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Phenobarbital sedation via subcutaneous infusion in a palliative medicine unit: retrospective review
  1. Benjamin Thomas1,2
  1. 1Palliative Medicine, Illawarra Shoalhaven Local Health District, Wollongong, New South Wales, Australia
  2. 2Graduate School of Medicine, University of Wollongong, Wollongong, New South Wales, Australia
  1. Correspondence to Dr Benjamin Thomas, Palliative Medicine, Illawarra Shoalhaven Local Health District, Wollongong, NSW 2505, Australia; benjamin.thomas{at}health.nsw.gov.au

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Phenobarbital is a barbiturate medication used clinically for over 100 years for the treatment of seizures, for anaesthesia and more recently for palliative sedation.1 Its primary mechanism of action is through enhancing the postsynaptic inhibitory activity of Gamma Amminobutyric Acid-A(GABA-A) receptor by permitting more chloride influx, as well as blockade of excitation via glutamate signal. These mechanisms result in hyperpolarised neurons resulting in antiepileptic and sedative properties.1

Palliative sedation is the provision of relief of suffering for the terminally ill by the provision of sedative medications, including benzodiazepines and phenothiazine neuroleptics, and in refractory cases, barbiturates. The European Association of Palliative Care framework for sedation states that barbiturates are useful where patients are tolerant to other sedatives due to their differing mechanism of action and as a third-line sedative in the palliative setting if other options have been used.1 Doses are reported as typically within the 800–1200 mg per 24 hours range via continuous subcutaneous infusion (CSCI), but with significant variability up to 3800 mg/24 hours via CSCI,1 depending on loading doses required and symptomatic response.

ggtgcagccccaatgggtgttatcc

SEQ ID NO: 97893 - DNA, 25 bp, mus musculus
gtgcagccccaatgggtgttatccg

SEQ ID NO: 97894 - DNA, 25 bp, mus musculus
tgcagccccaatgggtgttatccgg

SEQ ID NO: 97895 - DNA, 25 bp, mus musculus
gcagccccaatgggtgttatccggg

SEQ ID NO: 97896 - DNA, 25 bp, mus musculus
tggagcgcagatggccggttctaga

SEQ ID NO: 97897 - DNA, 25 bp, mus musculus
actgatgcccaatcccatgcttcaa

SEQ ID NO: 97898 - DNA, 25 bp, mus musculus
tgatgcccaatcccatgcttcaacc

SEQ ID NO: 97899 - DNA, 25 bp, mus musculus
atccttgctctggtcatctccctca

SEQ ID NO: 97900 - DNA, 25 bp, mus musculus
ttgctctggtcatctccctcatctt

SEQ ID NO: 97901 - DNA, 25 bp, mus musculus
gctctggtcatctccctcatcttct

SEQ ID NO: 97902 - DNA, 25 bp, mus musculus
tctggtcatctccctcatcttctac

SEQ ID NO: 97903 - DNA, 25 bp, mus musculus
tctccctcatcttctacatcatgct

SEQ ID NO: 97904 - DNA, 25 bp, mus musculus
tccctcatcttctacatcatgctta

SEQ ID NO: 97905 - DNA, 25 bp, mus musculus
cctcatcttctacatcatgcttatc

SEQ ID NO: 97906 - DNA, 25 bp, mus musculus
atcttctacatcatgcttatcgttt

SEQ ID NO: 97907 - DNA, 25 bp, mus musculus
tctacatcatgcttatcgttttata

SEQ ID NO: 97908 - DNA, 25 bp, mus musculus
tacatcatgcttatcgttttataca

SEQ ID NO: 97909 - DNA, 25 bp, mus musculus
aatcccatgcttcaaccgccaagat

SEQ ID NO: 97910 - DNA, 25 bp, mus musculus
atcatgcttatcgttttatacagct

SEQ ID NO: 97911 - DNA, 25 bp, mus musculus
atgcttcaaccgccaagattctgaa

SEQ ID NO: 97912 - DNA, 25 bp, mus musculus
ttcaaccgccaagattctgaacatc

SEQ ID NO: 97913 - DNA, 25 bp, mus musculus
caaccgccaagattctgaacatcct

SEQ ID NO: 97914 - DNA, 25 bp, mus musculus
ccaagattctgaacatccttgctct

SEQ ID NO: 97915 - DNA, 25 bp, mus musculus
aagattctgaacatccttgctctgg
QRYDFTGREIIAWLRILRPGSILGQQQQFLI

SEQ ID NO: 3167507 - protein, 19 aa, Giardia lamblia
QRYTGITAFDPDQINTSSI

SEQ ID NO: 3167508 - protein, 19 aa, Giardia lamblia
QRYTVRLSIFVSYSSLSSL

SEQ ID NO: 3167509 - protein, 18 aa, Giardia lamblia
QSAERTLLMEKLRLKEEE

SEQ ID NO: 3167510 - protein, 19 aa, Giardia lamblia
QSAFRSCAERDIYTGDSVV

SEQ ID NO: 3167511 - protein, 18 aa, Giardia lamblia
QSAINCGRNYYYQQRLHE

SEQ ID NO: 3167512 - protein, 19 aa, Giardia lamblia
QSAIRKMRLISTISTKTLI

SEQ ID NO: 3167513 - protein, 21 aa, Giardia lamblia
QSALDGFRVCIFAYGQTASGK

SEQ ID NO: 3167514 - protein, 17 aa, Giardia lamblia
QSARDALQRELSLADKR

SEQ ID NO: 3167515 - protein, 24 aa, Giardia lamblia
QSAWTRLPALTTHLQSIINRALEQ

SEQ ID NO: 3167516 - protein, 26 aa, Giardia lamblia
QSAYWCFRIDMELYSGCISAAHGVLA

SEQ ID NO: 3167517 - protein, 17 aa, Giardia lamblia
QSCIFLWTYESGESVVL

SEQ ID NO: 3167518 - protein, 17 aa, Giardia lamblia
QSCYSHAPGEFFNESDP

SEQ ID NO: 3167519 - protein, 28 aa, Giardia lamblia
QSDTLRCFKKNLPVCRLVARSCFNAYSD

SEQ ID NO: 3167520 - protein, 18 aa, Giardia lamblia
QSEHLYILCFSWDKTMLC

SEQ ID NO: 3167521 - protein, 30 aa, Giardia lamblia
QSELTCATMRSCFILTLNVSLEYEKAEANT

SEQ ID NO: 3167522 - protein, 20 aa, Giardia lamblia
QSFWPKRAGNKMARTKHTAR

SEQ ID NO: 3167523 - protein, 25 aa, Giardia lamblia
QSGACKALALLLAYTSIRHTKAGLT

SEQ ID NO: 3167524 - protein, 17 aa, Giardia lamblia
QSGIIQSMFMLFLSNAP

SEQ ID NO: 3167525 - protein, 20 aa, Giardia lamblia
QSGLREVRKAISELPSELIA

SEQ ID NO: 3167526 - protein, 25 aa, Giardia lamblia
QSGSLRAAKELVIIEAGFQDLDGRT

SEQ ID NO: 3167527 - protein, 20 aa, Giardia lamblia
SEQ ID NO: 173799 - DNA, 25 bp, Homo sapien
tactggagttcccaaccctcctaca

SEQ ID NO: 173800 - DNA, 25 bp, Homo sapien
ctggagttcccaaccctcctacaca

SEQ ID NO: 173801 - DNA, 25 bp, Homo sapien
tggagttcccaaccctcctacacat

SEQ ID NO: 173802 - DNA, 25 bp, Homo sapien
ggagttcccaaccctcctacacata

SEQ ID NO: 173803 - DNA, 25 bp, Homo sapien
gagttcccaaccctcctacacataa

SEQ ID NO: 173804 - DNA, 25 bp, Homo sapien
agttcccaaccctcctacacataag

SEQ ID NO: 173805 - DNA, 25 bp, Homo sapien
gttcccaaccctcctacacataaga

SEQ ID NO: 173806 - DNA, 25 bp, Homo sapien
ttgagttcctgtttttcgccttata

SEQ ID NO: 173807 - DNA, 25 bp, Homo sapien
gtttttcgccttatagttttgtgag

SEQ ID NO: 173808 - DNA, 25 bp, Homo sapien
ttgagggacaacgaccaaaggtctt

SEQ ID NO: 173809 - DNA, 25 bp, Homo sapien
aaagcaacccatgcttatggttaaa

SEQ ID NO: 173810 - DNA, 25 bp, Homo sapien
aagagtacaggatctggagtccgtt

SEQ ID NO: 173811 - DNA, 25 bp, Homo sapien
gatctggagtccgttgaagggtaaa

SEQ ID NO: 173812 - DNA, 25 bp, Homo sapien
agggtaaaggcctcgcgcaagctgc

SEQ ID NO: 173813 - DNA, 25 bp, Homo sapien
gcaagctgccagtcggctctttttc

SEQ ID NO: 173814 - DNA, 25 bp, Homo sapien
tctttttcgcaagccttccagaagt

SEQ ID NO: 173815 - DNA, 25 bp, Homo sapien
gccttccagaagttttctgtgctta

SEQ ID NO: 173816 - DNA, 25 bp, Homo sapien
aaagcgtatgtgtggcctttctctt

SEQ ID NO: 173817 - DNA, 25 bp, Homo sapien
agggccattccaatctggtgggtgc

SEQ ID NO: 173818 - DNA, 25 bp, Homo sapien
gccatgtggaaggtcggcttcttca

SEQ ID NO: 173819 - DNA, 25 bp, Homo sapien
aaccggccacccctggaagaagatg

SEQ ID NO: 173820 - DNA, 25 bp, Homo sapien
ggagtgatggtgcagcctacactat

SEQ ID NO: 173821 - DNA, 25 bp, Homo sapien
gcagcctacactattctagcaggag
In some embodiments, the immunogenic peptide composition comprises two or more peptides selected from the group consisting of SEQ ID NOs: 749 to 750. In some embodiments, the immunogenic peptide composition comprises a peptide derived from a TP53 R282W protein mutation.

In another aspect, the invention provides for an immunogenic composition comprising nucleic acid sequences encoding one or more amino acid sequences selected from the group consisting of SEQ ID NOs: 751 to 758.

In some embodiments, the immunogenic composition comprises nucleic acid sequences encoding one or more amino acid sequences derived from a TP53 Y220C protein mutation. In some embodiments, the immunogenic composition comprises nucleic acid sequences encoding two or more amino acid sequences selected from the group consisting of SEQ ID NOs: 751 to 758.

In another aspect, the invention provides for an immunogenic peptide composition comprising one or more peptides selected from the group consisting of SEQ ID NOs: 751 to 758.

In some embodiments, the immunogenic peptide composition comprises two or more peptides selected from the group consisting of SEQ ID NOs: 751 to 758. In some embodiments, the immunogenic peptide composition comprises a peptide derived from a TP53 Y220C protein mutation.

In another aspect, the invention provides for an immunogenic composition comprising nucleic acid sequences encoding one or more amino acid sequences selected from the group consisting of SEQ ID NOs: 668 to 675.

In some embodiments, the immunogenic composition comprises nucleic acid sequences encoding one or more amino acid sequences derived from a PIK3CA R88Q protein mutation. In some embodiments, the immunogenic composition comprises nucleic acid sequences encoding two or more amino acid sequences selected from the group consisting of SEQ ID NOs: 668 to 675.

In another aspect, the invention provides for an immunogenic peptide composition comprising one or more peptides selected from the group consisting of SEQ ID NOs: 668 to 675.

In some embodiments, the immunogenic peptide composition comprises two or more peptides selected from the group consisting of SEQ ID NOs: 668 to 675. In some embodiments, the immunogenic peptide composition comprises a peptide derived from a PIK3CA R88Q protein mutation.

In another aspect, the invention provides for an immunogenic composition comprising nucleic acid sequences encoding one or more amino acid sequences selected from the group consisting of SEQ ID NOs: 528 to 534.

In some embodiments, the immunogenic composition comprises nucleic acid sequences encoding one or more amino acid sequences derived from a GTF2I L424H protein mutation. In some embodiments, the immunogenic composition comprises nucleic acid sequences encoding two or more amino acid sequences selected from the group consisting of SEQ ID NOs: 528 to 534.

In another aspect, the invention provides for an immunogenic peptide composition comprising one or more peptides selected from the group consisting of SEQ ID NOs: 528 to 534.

In our centre, phenobarbital is used as a sedative for hyperactive delirium at the end of life, refractory to other sedatives. For this patient group, mean survival in the literature is reported as 24 hours or less.2 Local practice is to provide a subcutaneous bolus dose of 400 mg phenobarbital, followed by a CSCI starting at or above 2000 mg depending on response to bolus. These doses have evolved from experiential treatment with phenobarbital and a pragmatic response to alleviating distress. This audit aimed to analyse prescription and survival patterns for patients in the terminal phase of life who received phenobarbital per local practice.

Methods

Pharmacy dispensing books for the ward were reviewed for phenobarbital ampoules in July 2020, with 4 years of records available (2017–2020 inclusive). Ampoule counts dispensed to each patient were matched to the electronic record. Bolus and infusion doses were extracted, and survival time from commencement of phenobarbital to time of death was documented.

Results

Thirty patients were prescribed phenobarbital for sedation at the end of life in the analysis period. Loading doses were either 200 mg (6 patients) or 400 mg (24 patients), with patients receiving 200 mg as loading dose requiring repeat 50% of the time (3/6) and patients receiving 400 mg requiring repeat 46% of the time (11/24). Of patients loaded with phenobarbital, 36% of patients received pro re nata (PRN) only (10) and 64% received infusions (18). Two patients were prescribed infusions but died prior to commencement.